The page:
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Discussion Starter #1 (Edited)
Just back from this years Normandy Invasion to Jacqueslemac's place in Northern France - great place and a great time. We were joined by Jacqueslemac, Meesh, BobA, Mr & Mrs Whealie, Cabby and Steve G. We hit lucky with the weather and with Jame's local knowledge, some great roads. I'll let one of the others describe some of the finer points, but here's a few pictures.
PS - guys, if anybody wants these pictures in all there glory, PM me and I email them over (and I can't work out how to rotate the images....?)
 

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Wing Commander
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Just home too. Blooming marvellous weekend. Saturday was hotter and muggier than we might have liked but we saw loads.

Sunday looked the same, with sun and blue skies, but there was less humidity and it was the perfect biking weather.

My Sat Nav gave us an adventure - off-roading on rutted downhill tracks two-up was an arm-aching experience (but nobody came off).

We all now know loads more about the war and William the Conqueror.

Wish we could have stayed longer. Spent the journey home talking about when we can go back again
 

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Yes, rub it in, why don't you? :( :D
 

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Older, but no wiser!
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Nice pics... Envy!!

Very sad that I was not able to be at Cormolain for the 3rd year running on the 6th June.
 

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Just home, wet and tired. I'll post more tomorrow. Suffice to say, it was a great weekend. It felt like I'd been there at least a week and, in truth, wish I had been there for a week.
 

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Back safe and sound here too! Fantastic weekend - loved the dare devil 2 up offroading and getting the peg down 3 times over the weekend (if that's the right expression?!!!) Thanks to everyone for making it a fab weekend. :D:D:D :sunny:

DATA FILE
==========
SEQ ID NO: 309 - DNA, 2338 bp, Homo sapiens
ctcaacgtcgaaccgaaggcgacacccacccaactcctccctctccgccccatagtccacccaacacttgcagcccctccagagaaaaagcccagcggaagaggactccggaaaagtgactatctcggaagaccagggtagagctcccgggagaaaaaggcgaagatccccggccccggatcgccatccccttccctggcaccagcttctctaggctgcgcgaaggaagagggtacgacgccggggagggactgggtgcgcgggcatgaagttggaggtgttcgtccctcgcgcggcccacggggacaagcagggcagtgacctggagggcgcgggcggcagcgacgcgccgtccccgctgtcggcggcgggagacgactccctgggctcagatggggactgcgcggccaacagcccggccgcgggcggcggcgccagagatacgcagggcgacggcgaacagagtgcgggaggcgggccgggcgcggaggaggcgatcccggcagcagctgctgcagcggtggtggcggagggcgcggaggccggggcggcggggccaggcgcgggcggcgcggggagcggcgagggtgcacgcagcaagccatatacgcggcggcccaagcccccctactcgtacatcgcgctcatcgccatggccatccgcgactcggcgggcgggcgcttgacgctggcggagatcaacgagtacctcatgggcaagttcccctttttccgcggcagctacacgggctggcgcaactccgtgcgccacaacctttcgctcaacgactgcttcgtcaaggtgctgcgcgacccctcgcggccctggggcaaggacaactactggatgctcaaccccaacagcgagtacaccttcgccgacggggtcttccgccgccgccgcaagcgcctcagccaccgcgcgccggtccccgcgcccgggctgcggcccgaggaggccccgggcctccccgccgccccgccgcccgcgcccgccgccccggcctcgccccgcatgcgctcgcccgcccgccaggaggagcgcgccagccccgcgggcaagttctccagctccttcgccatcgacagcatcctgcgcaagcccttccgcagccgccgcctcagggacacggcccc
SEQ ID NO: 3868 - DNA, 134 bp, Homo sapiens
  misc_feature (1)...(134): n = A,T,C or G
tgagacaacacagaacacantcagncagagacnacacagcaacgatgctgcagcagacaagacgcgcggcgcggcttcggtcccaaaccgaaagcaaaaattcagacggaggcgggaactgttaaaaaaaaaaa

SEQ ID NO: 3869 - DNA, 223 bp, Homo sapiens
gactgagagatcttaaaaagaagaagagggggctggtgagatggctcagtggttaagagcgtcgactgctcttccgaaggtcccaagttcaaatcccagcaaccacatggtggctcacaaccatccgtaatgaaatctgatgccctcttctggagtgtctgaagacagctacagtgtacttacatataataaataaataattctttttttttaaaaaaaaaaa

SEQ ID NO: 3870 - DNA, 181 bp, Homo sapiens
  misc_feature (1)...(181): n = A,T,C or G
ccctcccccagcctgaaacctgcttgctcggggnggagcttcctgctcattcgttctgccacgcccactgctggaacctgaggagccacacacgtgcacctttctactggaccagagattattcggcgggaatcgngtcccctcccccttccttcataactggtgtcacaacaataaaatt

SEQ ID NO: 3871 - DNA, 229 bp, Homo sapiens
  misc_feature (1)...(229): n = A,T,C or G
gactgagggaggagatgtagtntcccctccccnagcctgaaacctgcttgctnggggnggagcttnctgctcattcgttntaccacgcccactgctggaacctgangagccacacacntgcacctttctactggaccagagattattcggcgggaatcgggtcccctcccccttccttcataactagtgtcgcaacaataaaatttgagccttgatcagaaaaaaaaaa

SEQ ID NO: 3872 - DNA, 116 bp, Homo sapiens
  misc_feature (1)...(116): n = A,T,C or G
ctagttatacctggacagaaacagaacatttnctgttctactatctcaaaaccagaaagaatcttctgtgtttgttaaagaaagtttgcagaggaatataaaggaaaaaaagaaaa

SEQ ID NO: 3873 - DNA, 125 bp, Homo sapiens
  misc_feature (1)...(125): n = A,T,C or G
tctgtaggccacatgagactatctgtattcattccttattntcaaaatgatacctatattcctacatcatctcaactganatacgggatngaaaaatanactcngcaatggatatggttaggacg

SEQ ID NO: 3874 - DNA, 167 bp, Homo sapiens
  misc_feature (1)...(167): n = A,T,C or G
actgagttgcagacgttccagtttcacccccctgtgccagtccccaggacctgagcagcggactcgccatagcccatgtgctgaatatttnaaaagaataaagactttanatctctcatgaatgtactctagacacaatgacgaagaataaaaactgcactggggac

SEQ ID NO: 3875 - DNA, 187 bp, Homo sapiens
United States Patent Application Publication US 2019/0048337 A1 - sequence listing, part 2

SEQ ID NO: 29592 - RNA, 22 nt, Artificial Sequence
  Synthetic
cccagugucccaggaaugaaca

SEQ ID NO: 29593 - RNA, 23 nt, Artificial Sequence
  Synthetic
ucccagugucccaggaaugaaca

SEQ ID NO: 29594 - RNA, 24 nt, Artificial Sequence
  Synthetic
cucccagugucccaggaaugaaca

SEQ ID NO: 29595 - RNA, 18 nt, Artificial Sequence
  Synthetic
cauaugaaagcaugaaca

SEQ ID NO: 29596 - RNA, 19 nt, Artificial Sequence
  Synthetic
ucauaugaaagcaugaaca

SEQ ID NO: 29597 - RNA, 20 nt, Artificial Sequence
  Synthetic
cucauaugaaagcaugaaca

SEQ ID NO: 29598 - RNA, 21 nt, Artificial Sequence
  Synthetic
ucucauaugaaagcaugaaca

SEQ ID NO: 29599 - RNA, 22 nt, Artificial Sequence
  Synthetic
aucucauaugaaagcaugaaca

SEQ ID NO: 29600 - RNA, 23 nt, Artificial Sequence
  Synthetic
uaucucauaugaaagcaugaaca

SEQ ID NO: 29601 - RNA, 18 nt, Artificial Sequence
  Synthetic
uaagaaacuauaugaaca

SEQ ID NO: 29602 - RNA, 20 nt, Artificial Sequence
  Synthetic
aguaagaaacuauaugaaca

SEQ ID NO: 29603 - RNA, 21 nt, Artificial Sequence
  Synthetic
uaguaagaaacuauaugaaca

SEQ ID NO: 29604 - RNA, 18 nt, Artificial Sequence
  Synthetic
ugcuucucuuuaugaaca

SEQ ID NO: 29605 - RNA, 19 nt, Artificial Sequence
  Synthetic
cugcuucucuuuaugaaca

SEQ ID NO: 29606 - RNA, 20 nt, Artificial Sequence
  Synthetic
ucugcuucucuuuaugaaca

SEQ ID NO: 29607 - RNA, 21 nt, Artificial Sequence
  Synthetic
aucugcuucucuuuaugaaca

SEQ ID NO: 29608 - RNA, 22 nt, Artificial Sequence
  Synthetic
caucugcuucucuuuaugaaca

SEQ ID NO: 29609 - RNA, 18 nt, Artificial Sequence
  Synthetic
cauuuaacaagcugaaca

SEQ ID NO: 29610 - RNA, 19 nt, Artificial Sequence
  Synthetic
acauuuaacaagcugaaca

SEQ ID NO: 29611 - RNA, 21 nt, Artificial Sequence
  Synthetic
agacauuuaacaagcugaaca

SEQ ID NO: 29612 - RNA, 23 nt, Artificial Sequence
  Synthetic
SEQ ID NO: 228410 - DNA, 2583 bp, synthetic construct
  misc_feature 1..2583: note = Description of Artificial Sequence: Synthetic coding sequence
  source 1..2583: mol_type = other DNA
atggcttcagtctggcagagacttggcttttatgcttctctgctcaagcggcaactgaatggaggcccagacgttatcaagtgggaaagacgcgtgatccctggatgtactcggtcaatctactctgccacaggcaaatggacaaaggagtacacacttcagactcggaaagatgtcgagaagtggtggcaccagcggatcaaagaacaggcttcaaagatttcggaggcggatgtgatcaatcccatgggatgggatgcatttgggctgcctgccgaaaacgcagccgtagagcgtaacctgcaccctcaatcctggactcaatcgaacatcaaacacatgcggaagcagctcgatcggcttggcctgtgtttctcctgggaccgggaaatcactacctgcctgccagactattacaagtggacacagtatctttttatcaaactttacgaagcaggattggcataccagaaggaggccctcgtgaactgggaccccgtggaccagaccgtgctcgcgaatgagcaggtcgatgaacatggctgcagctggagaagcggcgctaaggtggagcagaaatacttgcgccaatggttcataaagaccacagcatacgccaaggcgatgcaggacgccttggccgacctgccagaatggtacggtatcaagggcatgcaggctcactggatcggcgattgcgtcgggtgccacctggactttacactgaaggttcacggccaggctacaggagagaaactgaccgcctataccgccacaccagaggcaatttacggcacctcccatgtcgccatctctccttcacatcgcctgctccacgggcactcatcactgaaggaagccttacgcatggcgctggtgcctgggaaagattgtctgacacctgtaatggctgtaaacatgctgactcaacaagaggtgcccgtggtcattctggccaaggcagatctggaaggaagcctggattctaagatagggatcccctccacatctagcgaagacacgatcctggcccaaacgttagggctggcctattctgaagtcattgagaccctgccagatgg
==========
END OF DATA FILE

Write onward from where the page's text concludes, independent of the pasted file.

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Right a few pics. But first a big thanks again to James for having the foresight to buy the place in the first place as it is a great venue for sightseeing the area.

The Mulberry harbour at Aromanche - there were Jeeps driving the beach too. And a Triathlon going on.



The original Pegasus Bridge - an amazing story and daring-do with paras gliding in and landing right next to the bridge and taking it from the Germans at midnight on 5 June before the Krauts could blow it up. They then held the bridge to stop German reinforcements crossing to meet the Allied invasion.



Pipers at the museum - they were actually Dutch - to commemorate the fact that the regiment there had a piper playing virtually the whole time. There was a Belgian bagpipe band in Arromaches too. Not a Sweaty Sock in sight (don't start:hitler:).



Cabby in Hunter's bunker (taken from the Germans by one private Hunter). Fascinating to look round. Bob alos had a look with our (dutch again) guide.







The group at another monument I have forgotten - we did a bit of off-roading to get and leave here.

From left to right - Jeff, James, Meesh, Cabby, Kate and Steve, with Bob at the front.



William the Conqueror (or William the *******, as he was known before). Apparently three are only three statues of William in France, all at Falaise, his birthplace.



The Cathedral at Falaise - one of the most well-lit churches I have been into. You walk expecting to have to adjust your eyes to the usual darkness and find it superbly lit by huge windows.



William's family home - the castle at Falaise. There is lots of renovation work going on. Probably worth a visit in a couple of years' time.



And the Whealies managed to go and return without falling off. Hurrah!

And the local roads once again proved how much fin you can have sticking to the speed limit. Just rolling, winding perfectly smooth tarmac for miles and miles.

A great weekend.
 

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Turns out the six photos I took don't show anything not already shown better by others. Ho hum.

Anyway, the rough itinerary was:

Friday

Meesh and I had crossed on the overnight ferry to Le Havre so we had all day to do the shopping. I had to go to the police station to apply for a new registration document for the van I keep in France. When one of the gendarmes heard where we'd come from he told us he'd just returned from a crash just outside the village involving a British rider on a Honda. The rider (on a Pan, although we did suffer a moment of dread in case he said Africa Twin) was in hospital because he'd forgotten to ride on the right. On the way back we saw all the marks on the road, not half a mile from my place. Hope he's okay.